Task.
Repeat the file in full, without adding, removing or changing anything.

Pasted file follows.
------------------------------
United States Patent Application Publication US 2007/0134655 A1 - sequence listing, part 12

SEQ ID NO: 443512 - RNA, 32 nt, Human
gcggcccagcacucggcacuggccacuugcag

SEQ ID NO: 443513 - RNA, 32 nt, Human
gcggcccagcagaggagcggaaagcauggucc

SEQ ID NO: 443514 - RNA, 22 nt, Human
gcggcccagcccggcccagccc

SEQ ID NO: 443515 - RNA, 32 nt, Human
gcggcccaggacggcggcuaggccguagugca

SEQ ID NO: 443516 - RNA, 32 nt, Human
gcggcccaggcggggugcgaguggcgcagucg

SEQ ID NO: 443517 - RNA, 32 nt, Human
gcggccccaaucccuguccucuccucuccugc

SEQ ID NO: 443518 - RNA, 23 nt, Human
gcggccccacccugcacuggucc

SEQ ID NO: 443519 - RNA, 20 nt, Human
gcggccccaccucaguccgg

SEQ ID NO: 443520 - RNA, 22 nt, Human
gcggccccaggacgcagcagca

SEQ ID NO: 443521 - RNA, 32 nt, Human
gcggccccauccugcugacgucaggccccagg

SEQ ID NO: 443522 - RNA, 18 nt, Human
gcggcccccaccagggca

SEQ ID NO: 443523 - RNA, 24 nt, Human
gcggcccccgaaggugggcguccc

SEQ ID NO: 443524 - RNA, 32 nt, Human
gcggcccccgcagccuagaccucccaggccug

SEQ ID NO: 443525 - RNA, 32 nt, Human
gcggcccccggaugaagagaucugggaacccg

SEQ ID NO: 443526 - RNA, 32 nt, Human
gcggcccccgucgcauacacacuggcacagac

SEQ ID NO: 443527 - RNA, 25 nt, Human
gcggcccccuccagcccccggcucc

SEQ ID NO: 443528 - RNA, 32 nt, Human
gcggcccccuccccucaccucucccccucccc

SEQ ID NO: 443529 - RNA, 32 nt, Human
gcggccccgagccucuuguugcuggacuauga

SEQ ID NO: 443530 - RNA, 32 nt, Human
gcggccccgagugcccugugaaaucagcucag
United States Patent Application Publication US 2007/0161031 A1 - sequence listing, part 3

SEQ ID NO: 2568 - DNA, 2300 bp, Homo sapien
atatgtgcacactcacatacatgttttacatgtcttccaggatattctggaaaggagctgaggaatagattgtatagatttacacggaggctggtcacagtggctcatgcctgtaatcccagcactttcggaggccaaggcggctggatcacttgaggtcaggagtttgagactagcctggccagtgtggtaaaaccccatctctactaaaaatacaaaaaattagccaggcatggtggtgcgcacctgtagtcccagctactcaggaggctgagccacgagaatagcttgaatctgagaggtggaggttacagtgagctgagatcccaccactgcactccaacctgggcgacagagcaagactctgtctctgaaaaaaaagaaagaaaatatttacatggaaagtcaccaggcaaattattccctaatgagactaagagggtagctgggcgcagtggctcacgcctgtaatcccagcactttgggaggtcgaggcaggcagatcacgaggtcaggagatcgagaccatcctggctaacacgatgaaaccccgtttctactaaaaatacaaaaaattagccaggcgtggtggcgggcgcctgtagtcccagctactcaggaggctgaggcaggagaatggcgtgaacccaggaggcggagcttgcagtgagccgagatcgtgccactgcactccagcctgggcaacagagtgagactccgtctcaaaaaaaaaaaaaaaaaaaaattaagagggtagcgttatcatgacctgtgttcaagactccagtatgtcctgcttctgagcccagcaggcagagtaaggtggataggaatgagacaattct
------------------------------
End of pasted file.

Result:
United States Patent Application Publication US 2007/0134655 A1 - sequence listing, part 12

SEQ ID NO: 443512 - RNA, 32 nt, Human
gcggcccagcacucggcacuggccacuugcag

SEQ ID NO: 443513 - RNA, 32 nt, Human
gcggcccagcagaggagcggaaagcauggucc

SEQ ID NO: 443514 - RNA, 22 nt, Human
gcggcccagcccggcccagccc

SEQ ID NO: 443515 - RNA, 32 nt, Human
gcggcccaggacggcggcuaggccguagugca

SEQ ID NO: 443516 - RNA, 32 nt, Human
gcggcccaggcggggugcgaguggcgcagucg

SEQ ID NO: 443517 - RNA, 32 nt, Human
gcggccccaaucccuguccucuccucuccugc

SEQ ID NO: 443518 - RNA, 23 nt, Human
gcggccccacccugcacuggucc

SEQ ID NO: 443519 - RNA, 20 nt, Human
gcggccccaccucaguccgg

SEQ ID NO: 443520 - RNA, 22 nt, Human
gcggccccaggacgcagcagca

SEQ ID NO: 443521 - RNA, 32 nt, Human
gcggccccauccugcugacgucaggccccagg

SEQ ID NO: 443522 - RNA, 18 nt, Human
gcggcccccaccagggca

SEQ ID NO: 443523 - RNA, 24 nt, Human
gcggcccccgaaggugggcguccc

SEQ ID NO: 443524 - RNA, 32 nt, Human
gcggcccccgcagccuagaccucccaggccug

SEQ ID NO: 443525 - RNA, 32 nt, Human
gcggcccccggaugaagagaucugggaacccg

SEQ ID NO: 443526 - RNA, 32 nt, Human
gcggcccccgucgcauacacacuggcacagac

SEQ ID NO: 443527 - RNA, 25 nt, Human
gcggcccccuccagcccccggcucc

SEQ ID NO: 443528 - RNA, 32 nt, Human
gcggcccccuccccucaccucucccccucccc

SEQ ID NO: 443529 - RNA, 32 nt, Human
gcggccccgagccucuuguugcuggacuauga

SEQ ID NO: 443530 - RNA, 32 nt, Human
gcggccccgagugcccugugaaaucagcucag
United States Patent Application Publication US 2007/0161031 A1 - sequence listing, part 3

SEQ ID NO: 2568 - DNA, 2300 bp, Homo sapien
atatgtgcacactcacatacatgttttacatgtcttccaggatattctggaaaggagctgaggaatagattgtatagatttacacggaggctggtcacagtggctcatgcctgtaatcccagcactttcggaggccaaggcggctggatcacttgaggtcaggagtttgagactagcctggccagtgtggtaaaaccccatctctactaaaaatacaaaaaattagccaggcatggtggtgcgcacctgtagtcccagctactcaggaggctgagccacgagaatagcttgaatctgagaggtggaggttacagtgagctgagatcccaccactgcactccaacctgggcgacagagcaagactctgtctctgaaaaaaaagaaagaaaatatttacatggaaagtcaccaggcaaattattccctaatgagactaagagggtagctgggcgcagtggctcacgcctgtaatcccagcactttgggaggtcgaggcaggcagatcacgaggtcaggagatcgagaccatcctggctaacacgatgaaaccccgtttctactaaaaatacaaaaaattagccaggcgtggtggcgggcgcctgtagtcccagctactcaggaggctgaggcaggagaatggcgtgaacccaggaggcggagcttgcagtgagccgagatcgtgccactgcactccagcctgggcaacagagtgagactccgtctcaaaaaaaaaaaaaaaaaaaaattaagagggtagcgttatcatgacctgtgttcaagactccagtatgtcctgcttctgagcccagcaggcagagtaaggtggataggaatgagacaattct